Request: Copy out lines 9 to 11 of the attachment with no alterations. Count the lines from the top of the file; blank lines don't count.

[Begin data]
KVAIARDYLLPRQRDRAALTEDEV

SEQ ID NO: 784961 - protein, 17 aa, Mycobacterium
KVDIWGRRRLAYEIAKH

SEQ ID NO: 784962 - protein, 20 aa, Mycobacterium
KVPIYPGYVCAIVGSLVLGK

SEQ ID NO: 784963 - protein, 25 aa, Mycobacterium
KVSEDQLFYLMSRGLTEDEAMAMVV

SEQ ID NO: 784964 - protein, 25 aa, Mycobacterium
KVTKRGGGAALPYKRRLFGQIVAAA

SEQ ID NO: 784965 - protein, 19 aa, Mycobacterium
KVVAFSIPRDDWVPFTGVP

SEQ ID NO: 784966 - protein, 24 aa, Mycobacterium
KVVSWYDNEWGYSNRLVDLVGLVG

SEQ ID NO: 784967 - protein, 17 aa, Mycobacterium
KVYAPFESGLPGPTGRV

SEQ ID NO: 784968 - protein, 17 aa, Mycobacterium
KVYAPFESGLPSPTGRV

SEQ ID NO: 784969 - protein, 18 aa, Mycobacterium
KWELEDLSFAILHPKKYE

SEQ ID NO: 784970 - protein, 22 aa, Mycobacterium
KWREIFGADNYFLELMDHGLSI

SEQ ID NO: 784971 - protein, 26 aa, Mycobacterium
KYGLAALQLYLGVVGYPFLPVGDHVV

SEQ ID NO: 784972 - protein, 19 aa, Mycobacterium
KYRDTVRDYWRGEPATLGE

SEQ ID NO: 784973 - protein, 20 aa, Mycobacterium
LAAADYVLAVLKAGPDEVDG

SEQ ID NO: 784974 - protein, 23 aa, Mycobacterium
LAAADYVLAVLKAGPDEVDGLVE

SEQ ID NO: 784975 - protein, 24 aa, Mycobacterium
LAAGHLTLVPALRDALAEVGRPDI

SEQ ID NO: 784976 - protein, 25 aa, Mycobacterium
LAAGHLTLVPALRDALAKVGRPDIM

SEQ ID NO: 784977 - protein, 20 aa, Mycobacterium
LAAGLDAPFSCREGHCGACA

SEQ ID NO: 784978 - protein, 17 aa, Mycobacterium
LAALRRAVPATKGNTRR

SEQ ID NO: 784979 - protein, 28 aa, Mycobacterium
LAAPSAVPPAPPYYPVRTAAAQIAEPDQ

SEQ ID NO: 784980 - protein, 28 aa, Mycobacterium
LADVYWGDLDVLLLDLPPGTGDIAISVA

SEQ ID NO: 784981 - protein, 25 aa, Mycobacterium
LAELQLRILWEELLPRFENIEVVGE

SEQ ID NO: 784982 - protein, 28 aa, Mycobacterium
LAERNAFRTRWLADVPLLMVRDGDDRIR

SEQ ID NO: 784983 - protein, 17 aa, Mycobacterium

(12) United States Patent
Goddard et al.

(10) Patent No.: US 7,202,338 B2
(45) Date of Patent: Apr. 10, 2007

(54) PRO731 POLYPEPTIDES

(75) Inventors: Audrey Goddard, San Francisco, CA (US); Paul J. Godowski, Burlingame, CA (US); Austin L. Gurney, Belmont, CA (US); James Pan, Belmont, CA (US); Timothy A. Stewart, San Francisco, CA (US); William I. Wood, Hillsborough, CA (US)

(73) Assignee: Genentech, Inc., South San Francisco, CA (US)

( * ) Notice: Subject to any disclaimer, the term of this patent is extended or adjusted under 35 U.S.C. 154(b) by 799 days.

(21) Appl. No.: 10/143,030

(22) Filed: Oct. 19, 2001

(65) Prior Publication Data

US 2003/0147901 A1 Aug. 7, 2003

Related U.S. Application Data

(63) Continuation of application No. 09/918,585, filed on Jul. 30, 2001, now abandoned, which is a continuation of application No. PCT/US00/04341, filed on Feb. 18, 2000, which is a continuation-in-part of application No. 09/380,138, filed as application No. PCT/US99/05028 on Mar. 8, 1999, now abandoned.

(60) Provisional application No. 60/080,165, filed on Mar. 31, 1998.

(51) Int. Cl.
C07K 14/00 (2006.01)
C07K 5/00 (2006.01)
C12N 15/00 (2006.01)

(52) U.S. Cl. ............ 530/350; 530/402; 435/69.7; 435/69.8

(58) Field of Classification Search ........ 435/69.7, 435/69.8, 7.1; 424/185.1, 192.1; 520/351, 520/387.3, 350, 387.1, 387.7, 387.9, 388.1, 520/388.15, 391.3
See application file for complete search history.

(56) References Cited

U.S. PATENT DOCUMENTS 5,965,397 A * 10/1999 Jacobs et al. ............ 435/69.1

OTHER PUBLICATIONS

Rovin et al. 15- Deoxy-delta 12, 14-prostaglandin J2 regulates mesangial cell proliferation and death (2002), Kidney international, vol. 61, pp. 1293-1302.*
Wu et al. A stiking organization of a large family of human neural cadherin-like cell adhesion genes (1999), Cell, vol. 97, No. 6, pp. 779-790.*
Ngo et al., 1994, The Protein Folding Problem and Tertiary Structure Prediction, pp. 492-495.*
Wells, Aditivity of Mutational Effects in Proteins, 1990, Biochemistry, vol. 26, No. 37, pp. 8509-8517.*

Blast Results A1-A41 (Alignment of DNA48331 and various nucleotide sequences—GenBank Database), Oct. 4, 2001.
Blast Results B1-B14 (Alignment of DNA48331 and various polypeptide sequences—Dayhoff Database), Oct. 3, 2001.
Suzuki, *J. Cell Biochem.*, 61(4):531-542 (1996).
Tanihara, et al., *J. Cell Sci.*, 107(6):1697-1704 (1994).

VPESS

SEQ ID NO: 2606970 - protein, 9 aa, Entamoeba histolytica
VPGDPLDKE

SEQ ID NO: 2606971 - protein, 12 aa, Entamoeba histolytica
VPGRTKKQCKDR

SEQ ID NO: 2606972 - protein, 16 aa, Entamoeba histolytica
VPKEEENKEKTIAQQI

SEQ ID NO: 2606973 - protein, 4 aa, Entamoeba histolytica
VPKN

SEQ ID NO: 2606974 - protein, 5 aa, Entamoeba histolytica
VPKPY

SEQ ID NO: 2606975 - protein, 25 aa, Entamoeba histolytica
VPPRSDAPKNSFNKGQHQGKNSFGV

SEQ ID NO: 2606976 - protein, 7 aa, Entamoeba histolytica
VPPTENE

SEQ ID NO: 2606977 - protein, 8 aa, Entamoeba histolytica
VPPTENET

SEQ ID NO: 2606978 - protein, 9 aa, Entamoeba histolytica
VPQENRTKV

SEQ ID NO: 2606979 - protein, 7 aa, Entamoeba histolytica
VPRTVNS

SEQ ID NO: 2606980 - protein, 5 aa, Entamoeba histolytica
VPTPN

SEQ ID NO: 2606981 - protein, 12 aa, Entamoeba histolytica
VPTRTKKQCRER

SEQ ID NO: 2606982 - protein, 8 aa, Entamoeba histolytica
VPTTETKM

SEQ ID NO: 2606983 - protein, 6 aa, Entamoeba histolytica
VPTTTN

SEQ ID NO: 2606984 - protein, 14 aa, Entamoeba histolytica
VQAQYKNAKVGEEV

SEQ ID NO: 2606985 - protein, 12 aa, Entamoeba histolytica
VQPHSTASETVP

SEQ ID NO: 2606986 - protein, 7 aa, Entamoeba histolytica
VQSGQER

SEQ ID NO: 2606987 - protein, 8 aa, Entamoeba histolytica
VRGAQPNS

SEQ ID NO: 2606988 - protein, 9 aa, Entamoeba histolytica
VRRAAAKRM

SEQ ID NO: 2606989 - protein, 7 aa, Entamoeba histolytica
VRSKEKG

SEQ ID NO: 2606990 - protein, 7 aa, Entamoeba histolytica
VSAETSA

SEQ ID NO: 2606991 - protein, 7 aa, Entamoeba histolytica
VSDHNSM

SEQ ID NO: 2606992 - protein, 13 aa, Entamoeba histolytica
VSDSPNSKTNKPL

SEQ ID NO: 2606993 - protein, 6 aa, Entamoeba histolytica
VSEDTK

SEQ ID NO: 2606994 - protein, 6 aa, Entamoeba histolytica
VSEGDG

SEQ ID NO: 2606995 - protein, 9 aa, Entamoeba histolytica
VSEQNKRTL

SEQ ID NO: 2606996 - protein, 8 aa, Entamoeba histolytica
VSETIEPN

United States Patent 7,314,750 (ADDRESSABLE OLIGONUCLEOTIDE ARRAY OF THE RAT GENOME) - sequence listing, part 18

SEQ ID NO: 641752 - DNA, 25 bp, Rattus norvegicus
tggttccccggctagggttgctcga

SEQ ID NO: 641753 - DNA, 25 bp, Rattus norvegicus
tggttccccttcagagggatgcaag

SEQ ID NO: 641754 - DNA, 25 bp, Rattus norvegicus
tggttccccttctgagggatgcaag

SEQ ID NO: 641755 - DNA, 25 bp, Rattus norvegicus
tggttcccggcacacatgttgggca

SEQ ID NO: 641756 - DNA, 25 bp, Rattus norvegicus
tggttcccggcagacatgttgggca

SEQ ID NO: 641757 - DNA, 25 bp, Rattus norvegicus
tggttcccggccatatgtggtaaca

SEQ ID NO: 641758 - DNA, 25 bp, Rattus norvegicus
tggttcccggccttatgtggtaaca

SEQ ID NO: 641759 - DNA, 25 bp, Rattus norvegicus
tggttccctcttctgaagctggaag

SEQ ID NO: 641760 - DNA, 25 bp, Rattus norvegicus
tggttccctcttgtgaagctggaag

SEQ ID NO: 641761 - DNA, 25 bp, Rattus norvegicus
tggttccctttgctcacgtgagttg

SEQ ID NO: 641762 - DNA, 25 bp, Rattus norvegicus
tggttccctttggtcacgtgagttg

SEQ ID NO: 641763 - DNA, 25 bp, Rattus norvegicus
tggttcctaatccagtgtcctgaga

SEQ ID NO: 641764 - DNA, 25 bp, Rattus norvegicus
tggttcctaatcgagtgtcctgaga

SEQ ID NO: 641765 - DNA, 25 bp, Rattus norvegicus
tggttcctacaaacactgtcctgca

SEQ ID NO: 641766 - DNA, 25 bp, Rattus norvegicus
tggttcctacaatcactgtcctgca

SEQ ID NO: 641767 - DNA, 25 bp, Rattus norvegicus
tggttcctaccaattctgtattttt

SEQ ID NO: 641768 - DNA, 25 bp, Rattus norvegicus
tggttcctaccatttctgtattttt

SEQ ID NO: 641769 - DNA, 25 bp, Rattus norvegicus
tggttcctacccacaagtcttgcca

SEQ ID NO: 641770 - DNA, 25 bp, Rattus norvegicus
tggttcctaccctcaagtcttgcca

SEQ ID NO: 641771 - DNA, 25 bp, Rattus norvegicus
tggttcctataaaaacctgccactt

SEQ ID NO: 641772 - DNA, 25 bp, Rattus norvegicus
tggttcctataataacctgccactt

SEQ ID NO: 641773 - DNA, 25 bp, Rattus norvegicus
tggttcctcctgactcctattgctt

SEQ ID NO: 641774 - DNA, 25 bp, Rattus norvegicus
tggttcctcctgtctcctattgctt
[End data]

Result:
KVTKRGGGAALPYKRRLFGQIVAAA

SEQ ID NO: 784965 - protein, 19 aa, Mycobacterium
KVVAFSIPRDDWVPFTGVP